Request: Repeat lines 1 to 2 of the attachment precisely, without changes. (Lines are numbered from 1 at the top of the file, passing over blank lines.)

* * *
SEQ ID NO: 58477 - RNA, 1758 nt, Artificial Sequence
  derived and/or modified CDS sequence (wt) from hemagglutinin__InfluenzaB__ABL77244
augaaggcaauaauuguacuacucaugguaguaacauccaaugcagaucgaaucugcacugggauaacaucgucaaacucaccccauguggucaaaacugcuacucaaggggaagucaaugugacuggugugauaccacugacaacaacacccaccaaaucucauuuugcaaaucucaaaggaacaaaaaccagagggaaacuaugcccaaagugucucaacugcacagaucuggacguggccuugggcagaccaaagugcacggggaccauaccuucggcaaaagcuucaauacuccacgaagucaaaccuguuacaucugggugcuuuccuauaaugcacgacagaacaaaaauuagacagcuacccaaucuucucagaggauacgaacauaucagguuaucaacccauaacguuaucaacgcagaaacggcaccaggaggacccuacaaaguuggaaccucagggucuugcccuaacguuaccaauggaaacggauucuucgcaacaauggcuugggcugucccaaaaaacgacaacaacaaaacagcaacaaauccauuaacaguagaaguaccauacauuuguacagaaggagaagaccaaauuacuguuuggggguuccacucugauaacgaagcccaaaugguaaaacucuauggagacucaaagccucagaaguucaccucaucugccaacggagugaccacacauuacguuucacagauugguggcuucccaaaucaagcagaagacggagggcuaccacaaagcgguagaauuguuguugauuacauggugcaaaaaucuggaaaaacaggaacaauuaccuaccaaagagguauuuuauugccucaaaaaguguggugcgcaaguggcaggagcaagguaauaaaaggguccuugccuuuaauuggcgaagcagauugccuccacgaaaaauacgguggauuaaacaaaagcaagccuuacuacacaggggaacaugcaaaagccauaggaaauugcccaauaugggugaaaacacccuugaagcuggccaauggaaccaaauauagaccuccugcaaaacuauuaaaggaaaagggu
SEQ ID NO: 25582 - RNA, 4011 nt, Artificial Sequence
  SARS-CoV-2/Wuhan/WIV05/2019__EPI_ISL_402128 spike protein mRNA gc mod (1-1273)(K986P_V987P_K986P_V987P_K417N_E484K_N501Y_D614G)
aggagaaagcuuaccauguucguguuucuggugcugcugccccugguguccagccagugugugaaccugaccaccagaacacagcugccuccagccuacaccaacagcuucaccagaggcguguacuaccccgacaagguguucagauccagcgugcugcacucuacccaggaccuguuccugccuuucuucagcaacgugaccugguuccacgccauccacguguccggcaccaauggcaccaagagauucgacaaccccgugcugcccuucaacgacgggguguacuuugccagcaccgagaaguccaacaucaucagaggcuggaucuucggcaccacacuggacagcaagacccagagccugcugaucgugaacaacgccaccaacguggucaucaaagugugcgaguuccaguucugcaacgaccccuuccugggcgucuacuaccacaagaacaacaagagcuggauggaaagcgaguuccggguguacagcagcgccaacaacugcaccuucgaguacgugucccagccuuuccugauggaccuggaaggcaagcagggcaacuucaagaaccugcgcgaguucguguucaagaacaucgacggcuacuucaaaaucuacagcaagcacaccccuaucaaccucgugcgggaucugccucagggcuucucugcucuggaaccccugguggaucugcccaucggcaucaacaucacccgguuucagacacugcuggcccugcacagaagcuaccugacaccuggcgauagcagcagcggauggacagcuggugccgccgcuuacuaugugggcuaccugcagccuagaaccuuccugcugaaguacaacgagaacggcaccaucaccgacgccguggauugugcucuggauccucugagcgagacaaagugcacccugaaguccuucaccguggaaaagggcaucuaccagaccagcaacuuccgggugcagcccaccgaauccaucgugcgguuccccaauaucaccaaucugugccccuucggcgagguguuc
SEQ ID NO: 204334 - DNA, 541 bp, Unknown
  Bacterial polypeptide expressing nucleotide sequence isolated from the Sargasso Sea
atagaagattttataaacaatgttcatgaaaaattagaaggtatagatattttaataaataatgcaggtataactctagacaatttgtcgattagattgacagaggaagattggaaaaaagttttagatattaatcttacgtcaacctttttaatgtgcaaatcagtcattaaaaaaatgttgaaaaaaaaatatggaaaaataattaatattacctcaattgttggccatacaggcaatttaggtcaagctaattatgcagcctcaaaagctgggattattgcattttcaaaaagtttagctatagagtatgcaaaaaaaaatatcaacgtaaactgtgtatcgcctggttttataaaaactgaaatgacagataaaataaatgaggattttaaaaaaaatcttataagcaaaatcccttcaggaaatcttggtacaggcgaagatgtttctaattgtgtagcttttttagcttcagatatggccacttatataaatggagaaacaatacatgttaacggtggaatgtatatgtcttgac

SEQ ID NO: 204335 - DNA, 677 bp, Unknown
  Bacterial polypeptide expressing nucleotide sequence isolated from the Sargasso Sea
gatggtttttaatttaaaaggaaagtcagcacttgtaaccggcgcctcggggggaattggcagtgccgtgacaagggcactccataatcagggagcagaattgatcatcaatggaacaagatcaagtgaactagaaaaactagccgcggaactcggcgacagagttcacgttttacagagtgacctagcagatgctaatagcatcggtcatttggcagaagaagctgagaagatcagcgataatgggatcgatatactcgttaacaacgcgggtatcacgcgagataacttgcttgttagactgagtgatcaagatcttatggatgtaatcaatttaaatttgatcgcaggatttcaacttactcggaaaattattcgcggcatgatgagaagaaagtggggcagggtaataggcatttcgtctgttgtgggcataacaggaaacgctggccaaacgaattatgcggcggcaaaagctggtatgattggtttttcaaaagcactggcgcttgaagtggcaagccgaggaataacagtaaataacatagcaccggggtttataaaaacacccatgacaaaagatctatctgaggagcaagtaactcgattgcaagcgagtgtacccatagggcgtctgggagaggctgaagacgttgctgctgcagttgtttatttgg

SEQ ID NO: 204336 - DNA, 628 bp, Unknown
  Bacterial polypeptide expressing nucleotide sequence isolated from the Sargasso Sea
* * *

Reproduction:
SEQ ID NO: 58477 - RNA, 1758 nt, Artificial Sequence
  derived and/or modified CDS sequence (wt) from hemagglutinin__InfluenzaB__ABL77244